Having it all … depends on what “all” means

Interesting all the commentary — supportive and outraged — swirling now that Anne-Marie Slaughter chose family over power. Slaughter left her high-level State Department job to return to her (mere) job as a tenured Ivy-League college professor so she could spend more time with her two boys.

The money, prestige and power elements are different, but the choice to opt out of the corporate race is one we made for our kids.   It was a conscious choice — one that worked for us.

The background:  My mom, a single parent of six, died less than a year after I graduated from college. My mother-in-law died before our first child was born.  My father-in-law had given years to the corporate world, which, despite his success, eventually decided to dump him.

My husband and I met and married in Washington, D.C. We came back to Reno (his home town) for family reasons. Friends who stayed in DC felt — and still feel — the pressure to make it all work. Many do a spectacular job at both. Some stayed and fought the system so they could stay home with the kids — and paid a professional price.

I do think it is possible to blend corporate and family life … but you have to want it, you have to be lucky, you have to work your tail off, and usually, you need lots and lots of  help.

And it will ONLY work if everything goes right, and you make enough money.   Have a needy/challenging/problem child? An ogre for a boss? A job that must come first?   A need for health insurance?  Any complications and the equation falls apart.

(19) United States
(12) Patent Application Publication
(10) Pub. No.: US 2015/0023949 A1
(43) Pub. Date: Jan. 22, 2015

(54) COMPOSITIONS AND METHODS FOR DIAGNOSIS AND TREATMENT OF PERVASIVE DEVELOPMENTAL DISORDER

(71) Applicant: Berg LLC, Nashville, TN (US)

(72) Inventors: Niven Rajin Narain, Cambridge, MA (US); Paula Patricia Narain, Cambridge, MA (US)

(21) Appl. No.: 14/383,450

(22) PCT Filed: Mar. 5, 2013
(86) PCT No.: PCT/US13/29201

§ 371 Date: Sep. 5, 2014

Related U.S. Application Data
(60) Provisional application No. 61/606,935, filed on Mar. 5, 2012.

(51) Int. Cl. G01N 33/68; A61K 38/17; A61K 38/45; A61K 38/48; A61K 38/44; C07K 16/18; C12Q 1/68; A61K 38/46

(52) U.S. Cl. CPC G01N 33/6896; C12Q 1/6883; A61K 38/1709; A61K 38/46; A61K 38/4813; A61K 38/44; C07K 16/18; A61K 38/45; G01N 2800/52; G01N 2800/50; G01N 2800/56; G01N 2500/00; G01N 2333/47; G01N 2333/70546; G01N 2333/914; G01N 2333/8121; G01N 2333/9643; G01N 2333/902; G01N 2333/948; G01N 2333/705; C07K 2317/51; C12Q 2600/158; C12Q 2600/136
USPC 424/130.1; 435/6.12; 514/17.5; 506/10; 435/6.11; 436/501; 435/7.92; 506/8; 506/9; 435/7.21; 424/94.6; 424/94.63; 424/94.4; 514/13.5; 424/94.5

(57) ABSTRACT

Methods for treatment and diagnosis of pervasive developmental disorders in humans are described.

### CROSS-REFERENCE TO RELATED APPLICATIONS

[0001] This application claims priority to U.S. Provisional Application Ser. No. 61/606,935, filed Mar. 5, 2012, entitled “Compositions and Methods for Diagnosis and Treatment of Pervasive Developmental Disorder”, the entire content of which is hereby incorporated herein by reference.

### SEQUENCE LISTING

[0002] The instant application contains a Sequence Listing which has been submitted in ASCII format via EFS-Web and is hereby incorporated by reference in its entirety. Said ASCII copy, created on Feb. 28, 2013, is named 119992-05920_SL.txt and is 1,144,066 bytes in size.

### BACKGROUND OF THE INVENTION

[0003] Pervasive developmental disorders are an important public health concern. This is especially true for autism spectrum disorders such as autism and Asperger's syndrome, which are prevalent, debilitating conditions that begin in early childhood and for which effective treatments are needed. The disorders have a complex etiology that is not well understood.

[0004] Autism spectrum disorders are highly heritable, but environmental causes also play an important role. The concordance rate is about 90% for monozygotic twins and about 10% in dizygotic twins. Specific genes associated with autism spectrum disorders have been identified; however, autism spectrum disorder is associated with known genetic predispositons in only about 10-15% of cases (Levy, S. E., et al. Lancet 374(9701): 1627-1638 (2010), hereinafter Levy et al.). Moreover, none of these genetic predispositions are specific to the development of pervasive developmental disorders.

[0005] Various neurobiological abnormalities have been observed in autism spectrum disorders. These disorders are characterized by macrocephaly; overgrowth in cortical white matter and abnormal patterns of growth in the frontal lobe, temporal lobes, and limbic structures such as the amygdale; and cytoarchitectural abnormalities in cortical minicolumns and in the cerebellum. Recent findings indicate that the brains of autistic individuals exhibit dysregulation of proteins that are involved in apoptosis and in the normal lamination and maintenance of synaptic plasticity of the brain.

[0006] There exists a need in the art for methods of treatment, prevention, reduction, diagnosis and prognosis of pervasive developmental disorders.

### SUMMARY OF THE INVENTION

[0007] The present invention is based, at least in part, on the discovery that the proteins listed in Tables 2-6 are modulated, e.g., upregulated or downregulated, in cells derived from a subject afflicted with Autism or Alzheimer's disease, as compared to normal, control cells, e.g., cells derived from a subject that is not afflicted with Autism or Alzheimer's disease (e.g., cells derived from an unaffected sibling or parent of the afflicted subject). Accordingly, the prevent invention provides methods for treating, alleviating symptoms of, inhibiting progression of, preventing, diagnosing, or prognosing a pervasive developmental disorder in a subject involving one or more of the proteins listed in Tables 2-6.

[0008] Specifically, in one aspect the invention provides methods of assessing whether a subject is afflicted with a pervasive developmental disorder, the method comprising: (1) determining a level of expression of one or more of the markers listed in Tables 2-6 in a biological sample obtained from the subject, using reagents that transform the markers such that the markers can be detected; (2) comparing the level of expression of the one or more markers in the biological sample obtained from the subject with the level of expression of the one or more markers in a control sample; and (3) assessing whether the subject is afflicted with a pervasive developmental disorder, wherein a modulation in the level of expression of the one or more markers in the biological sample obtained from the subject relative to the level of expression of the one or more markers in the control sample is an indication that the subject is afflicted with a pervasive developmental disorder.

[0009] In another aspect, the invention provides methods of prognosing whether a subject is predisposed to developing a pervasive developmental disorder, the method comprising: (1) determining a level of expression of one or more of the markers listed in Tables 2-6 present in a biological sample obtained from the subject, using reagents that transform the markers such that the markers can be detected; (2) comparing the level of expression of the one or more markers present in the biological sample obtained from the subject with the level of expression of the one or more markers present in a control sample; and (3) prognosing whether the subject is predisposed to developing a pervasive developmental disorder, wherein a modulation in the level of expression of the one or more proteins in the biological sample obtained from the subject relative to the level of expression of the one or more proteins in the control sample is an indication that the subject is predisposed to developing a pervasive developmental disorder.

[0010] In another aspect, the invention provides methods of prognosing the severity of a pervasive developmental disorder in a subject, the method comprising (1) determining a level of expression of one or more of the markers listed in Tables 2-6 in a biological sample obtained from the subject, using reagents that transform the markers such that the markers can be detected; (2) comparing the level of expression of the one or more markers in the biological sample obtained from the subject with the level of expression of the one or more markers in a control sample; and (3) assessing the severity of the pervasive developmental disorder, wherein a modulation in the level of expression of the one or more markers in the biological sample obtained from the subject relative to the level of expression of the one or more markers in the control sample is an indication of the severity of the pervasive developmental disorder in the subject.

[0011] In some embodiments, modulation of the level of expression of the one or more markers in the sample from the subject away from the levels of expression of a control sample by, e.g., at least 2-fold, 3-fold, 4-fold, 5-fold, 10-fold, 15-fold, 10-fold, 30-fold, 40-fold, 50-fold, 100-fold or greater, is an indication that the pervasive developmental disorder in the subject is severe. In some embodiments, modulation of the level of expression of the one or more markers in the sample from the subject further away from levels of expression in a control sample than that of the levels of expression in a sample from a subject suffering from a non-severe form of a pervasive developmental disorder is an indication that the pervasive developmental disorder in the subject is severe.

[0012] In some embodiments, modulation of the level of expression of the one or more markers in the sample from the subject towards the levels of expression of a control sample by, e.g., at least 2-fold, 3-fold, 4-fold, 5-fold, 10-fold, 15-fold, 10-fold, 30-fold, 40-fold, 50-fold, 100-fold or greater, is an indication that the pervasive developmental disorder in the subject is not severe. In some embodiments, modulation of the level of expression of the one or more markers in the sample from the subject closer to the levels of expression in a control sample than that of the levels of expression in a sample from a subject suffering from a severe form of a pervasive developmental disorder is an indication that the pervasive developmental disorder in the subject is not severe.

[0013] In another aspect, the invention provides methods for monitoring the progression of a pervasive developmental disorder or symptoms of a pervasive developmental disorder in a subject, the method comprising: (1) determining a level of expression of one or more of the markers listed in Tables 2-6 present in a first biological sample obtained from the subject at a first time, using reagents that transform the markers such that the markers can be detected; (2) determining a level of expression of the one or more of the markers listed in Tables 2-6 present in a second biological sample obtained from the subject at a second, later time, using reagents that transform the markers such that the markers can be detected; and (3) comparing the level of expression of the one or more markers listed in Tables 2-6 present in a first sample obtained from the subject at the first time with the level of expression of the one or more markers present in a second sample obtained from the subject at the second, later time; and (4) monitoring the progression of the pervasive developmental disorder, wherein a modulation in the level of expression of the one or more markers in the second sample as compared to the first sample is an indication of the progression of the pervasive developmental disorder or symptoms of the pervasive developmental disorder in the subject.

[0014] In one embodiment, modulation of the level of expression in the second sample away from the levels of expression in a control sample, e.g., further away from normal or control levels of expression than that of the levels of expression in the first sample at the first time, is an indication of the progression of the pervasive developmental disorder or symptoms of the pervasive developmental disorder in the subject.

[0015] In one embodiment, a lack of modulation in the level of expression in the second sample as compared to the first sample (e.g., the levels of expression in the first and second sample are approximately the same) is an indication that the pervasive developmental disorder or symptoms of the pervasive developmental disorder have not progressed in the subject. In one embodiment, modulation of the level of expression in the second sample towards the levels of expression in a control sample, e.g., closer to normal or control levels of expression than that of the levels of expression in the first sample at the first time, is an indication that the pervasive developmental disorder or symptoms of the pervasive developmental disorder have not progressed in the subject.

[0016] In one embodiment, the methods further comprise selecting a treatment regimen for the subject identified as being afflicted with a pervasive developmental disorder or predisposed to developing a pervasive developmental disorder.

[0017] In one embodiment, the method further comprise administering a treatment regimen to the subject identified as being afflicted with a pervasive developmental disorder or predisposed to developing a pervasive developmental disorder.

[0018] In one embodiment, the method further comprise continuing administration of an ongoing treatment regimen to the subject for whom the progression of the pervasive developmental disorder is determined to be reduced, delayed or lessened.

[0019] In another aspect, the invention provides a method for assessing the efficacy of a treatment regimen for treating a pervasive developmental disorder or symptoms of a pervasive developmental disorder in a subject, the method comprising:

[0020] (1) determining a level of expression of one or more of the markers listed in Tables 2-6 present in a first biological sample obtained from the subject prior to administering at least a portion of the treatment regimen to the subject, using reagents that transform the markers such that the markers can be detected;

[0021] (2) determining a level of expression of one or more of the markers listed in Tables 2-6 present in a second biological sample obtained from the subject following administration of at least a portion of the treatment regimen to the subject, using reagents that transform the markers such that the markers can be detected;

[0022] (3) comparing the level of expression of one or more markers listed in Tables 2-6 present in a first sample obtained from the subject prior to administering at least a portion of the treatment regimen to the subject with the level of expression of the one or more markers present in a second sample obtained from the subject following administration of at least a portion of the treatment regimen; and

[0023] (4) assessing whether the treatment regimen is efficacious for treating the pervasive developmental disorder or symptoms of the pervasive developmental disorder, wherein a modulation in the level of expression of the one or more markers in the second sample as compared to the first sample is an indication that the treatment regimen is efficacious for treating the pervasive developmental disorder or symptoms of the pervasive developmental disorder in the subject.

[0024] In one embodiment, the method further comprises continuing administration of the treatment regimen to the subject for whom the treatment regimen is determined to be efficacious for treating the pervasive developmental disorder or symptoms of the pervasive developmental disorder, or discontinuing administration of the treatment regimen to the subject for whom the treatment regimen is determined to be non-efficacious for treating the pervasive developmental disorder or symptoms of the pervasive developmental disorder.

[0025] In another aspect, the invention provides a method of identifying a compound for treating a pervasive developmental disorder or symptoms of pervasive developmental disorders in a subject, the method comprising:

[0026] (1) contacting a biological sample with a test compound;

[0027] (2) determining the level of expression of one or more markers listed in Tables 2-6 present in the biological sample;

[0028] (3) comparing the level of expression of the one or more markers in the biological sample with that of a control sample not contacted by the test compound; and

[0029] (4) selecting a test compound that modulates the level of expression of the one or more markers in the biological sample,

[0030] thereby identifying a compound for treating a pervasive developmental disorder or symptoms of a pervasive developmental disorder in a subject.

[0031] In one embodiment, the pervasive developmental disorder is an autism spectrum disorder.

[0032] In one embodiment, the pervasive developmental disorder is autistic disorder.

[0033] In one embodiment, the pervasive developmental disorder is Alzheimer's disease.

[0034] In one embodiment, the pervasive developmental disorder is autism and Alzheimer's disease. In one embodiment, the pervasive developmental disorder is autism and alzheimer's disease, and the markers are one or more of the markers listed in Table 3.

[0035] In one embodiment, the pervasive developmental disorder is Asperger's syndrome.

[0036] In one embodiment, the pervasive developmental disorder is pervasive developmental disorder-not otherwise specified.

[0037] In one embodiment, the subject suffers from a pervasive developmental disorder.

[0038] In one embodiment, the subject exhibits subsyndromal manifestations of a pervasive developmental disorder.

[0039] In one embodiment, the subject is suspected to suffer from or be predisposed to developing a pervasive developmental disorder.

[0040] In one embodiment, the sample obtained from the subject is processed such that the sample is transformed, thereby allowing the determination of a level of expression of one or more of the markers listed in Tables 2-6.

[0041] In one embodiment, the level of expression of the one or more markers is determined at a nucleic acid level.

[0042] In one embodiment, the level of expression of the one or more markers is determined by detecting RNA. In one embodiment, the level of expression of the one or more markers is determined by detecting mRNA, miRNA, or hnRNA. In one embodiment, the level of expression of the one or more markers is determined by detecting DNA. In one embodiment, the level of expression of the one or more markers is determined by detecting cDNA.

If more people had a choice of two terrific jobs, with one that allows for family, they might make Slaughter’s choice.   I did — in a much less lucrative/less influential way.

Yet, I suspect the people who say having four kids and working full-time is great and everyone is happy, have lots of other help — nannies, grandparents, stay at home spouses.

A baby, or even a couple of babies, may not demand all your time. Running a multi-child family with multiple sports, music lessons, varying school schedules, plus schlepping them to dental appointments, play dates, birthday parties, etc is a full-time job for someone — or several someones.

I admire those who can juggle demanding jobs and family life well and make it work for everyone.

I had a huge ego adjustment to being a full-time parent and a part-time business owner. It literally took years to adjust.  It flew by … and I do know why Slaughter doesn’t want to miss it.

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